I saw a Reader's Digest laying on the ground by a glider, and on the side of it, it had an American flag, about an inch wide. I cut that off the Reader's Digest, and I picked up a piece of plastic from the windshield of the glider.
Later, I took the handle off my .45 and I carved a new handle with the plastic, and I put the American flag from the Reader's Digest underneath it. I've still got the gun. It was on my hip all through the war. It was my buddy wherever I was, and I was damn well sure I was gonna bring it home. We were supposed to turn that stuff in when we got back. I said to hell with it, let them find me, I'm keeping this, and I've still got it. I even have a permit for it.
My first mission was to retrieve an A Company tank that lost a track on Hill 122, a shell blew off some blocks of track.
On my way up there, the mortar fire started coming in pretty heavy, so I had my driver, Shorty [Marion Kubeczko], shut off the tank. I ran around behind the tank and dove underneath the engine. There was a limb about two inches in diameter, and I was hanging onto that, with my head turned sideways, and all of a sudden I look and there's a piece of shrapnel dug into that limb. When I saw that piece of hot metal smoking in that wood, I thought, "I've got to get out of here!" So I stood behind the tank and crouched over, I thought, well, the most I could do is lose a leg.
Then the mortar fire ceased and I saw where I had to go. I ran back to the tank retriever and I said, "Let's go." We got up there and I made a very quick surmise of it because the tank was right out in the open, and I told the men to bring in a section of five track blocks. It took us only ten minutes to change them and put the tank back on the road, and we got out of there.
The next day we had to go to the middle of Hill 122 and over to the right, where there was a D Company tank turned over in a ditch. We turned it over, and in order to get it out of there we had to tow it about a quarter of a mile farther up the road into an opening that looked like a picnic area.
There was a cottage there, and some of the guys went over and examined that cottage. My tank was towing the D Company tank, and as we backed it around, I stood behind a great big tree that was at least two feet in diameter, and directed the movements. Then the sniper fire got heavy, and the bark of the tree was peeling off right next to me, so I told Shorty to get out of there on the double, and as he went out I ran around the tank on the opposite side and I crawled onto it.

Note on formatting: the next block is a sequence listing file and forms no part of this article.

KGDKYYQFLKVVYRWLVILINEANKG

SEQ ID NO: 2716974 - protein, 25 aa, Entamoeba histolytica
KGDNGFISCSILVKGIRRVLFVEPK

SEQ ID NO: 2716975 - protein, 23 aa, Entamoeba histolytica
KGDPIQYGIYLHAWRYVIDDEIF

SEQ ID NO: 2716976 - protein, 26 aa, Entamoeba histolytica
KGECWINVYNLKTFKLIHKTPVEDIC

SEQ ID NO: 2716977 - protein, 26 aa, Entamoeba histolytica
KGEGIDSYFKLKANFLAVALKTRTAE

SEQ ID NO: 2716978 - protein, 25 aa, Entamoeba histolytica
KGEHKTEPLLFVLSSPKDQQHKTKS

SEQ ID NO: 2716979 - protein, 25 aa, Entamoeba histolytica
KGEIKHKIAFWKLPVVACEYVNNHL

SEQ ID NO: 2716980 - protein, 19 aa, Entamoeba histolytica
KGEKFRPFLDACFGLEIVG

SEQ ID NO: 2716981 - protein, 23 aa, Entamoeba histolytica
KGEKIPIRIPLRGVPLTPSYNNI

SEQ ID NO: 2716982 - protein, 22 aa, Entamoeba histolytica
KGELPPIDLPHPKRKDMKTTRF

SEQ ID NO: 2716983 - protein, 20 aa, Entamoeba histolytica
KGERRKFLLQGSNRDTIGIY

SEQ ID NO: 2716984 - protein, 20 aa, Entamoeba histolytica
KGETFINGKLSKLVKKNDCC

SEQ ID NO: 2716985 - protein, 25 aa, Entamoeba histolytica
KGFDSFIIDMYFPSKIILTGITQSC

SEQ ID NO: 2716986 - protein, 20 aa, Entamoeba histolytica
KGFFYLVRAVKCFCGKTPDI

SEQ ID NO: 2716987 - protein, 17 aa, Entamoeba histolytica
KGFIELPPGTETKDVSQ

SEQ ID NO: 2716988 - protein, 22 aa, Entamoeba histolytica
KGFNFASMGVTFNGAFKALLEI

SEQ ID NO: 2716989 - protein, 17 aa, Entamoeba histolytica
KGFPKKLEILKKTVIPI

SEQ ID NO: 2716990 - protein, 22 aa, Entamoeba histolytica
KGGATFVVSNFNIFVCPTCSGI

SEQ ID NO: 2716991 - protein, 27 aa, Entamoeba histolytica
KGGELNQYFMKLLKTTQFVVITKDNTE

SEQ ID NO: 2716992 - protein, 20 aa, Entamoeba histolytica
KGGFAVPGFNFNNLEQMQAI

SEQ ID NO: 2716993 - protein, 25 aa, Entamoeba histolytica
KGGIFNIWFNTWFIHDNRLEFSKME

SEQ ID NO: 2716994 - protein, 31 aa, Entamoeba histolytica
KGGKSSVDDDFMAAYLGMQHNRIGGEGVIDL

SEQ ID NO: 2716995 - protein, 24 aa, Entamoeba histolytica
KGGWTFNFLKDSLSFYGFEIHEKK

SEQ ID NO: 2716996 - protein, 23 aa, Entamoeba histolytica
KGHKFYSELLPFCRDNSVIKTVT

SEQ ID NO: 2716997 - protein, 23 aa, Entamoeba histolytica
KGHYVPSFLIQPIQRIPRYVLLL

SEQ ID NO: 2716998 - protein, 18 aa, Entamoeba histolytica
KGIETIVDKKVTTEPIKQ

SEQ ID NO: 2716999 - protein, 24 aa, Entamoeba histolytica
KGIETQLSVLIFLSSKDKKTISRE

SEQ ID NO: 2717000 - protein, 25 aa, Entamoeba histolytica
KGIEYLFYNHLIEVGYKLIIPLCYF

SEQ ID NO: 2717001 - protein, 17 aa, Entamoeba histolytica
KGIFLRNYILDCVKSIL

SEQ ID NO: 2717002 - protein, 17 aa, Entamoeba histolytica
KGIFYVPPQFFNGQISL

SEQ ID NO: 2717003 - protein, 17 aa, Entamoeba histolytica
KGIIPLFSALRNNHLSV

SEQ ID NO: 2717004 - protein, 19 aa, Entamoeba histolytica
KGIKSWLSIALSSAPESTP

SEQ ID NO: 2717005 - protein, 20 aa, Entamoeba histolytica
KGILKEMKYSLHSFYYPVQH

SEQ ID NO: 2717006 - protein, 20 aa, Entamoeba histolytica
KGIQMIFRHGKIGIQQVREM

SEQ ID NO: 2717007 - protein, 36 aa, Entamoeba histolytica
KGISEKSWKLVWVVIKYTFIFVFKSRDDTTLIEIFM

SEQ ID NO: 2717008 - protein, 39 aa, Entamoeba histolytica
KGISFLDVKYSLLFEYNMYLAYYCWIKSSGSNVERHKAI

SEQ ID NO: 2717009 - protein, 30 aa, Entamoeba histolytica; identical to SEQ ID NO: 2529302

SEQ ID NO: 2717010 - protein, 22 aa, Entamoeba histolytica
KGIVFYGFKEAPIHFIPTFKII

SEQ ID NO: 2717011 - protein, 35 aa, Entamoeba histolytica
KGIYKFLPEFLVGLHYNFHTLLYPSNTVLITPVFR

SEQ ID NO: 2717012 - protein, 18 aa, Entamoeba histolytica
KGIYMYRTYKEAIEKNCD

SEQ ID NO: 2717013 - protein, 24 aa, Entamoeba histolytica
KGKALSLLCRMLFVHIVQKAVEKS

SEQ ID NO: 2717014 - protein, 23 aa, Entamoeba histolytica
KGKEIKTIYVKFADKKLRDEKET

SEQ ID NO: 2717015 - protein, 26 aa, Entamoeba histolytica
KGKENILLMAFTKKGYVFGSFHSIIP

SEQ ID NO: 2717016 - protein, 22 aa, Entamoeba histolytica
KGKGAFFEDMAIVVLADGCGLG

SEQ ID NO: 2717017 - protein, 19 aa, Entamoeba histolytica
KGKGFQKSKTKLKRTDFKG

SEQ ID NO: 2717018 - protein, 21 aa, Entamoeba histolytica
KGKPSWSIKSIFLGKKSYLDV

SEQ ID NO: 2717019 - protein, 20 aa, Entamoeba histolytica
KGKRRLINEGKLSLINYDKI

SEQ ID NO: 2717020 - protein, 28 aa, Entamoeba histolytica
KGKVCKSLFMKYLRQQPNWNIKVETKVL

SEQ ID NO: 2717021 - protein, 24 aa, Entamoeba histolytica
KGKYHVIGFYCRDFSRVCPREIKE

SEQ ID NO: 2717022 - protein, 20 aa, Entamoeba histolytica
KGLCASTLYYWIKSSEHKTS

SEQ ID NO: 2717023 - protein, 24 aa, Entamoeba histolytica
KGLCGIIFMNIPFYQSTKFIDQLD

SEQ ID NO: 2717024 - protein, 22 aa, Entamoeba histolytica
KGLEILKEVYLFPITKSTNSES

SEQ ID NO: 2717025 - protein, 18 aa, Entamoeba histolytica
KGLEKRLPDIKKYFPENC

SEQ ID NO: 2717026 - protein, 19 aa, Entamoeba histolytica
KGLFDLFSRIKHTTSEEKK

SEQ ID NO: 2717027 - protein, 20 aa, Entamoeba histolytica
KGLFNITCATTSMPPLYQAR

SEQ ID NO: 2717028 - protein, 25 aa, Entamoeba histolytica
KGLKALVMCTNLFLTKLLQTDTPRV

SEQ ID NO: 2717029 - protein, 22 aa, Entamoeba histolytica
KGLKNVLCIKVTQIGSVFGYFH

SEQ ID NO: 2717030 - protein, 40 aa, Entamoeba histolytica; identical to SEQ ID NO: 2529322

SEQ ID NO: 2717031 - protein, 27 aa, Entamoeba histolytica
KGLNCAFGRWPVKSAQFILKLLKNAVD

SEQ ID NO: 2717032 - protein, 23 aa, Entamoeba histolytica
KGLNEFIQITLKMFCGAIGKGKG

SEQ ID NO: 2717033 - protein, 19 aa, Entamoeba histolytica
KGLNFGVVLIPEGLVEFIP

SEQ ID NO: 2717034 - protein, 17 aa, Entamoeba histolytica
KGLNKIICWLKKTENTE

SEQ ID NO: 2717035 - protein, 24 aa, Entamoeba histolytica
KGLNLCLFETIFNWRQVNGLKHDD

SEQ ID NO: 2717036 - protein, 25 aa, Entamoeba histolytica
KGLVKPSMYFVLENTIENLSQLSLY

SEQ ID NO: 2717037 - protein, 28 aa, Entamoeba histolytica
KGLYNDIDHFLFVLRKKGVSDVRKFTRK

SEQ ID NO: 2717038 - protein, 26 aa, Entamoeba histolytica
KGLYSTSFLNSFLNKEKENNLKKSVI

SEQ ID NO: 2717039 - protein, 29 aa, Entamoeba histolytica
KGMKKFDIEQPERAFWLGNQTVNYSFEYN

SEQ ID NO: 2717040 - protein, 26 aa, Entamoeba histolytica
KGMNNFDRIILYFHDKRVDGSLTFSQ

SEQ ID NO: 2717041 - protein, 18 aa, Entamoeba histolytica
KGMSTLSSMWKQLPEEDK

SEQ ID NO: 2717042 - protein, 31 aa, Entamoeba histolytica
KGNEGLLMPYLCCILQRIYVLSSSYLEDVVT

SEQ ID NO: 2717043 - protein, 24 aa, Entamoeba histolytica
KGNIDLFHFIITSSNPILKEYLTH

As we got down a little ways, the Army had laid a big, heavy smokescreen so the Germans couldn't see where I was, and right at that time one of the pins wobbled out of the towbar because one of the men didn't lock it with a cotter pin, and it vibrated out of there. The tank went back in the ditch and bent my towbar and it bent my patience.
We hooked it up again and pulled it into a group of apple trees and we shut it off, because the mortar fire was starting to come in quite heavy.
A little bit farther up ahead on the right side of the road was a big gravel pit, a stone quarry that they used for building roads. There was a bunch of foxholes in there that the Germans must have dug, and as I jumped into one of the foxholes, I saw this shiny piece of piano wire, and underneath some leaves was a German potato masher on the other end of that wire. I almost fainted, and I just rolled up out of that hole, and I couldn't yell or talk, I just pointed, and old Chap -- that's Sergeant Kochen -- saw me and he said, "What's the matter with you, Smoky?" And I kept pointing at that hole, I couldn't talk, and then I finally was able to say, "Don't go in there."
Then he saw it and said, "Everybody lay low." He threw a piece of a log into the foxhole, and it wasn't long before that piece flew out of there and it was shredded.
I finally regained my strength. I couldn't do anything. I had to go over by the tank, sit down, and drink some good old cider, because the water wasn't fit for humans, and I regained my ego, and we continued to fix that D Company tank.
Sergeant Mike Anderson, of Needham, Mass., drove one of the three 105-millimeter assault guns in Headquarters Company.
We were on a hardtop road, and we came by a farmhouse. I was in the first tank, and they let us go through. The second tank got hit and burned. That's the one in which Richard Howell was killed.
After we passed the farmhouse, we got into the orchard, and we were weaving back and forth around the trees. There was a German tank in the corner. He shot at us a couple of times. The first one hit the ground, and the second one knocked our track off. We fired back, and our first round went over it. The gunner dropped the barrel as far as he could and let the next round go, and it caught that German tank right under the big gun, right above where the driver was sitting.
After we got squared away, we walked over and looked at this tank. The driver was still in there, he was dead. The rest of the crew had jumped out and gone back. But they had another round in the gun, and that breach was almost closed completely. If they'd have closed it, I think that's the one that would have gotten us before we got them.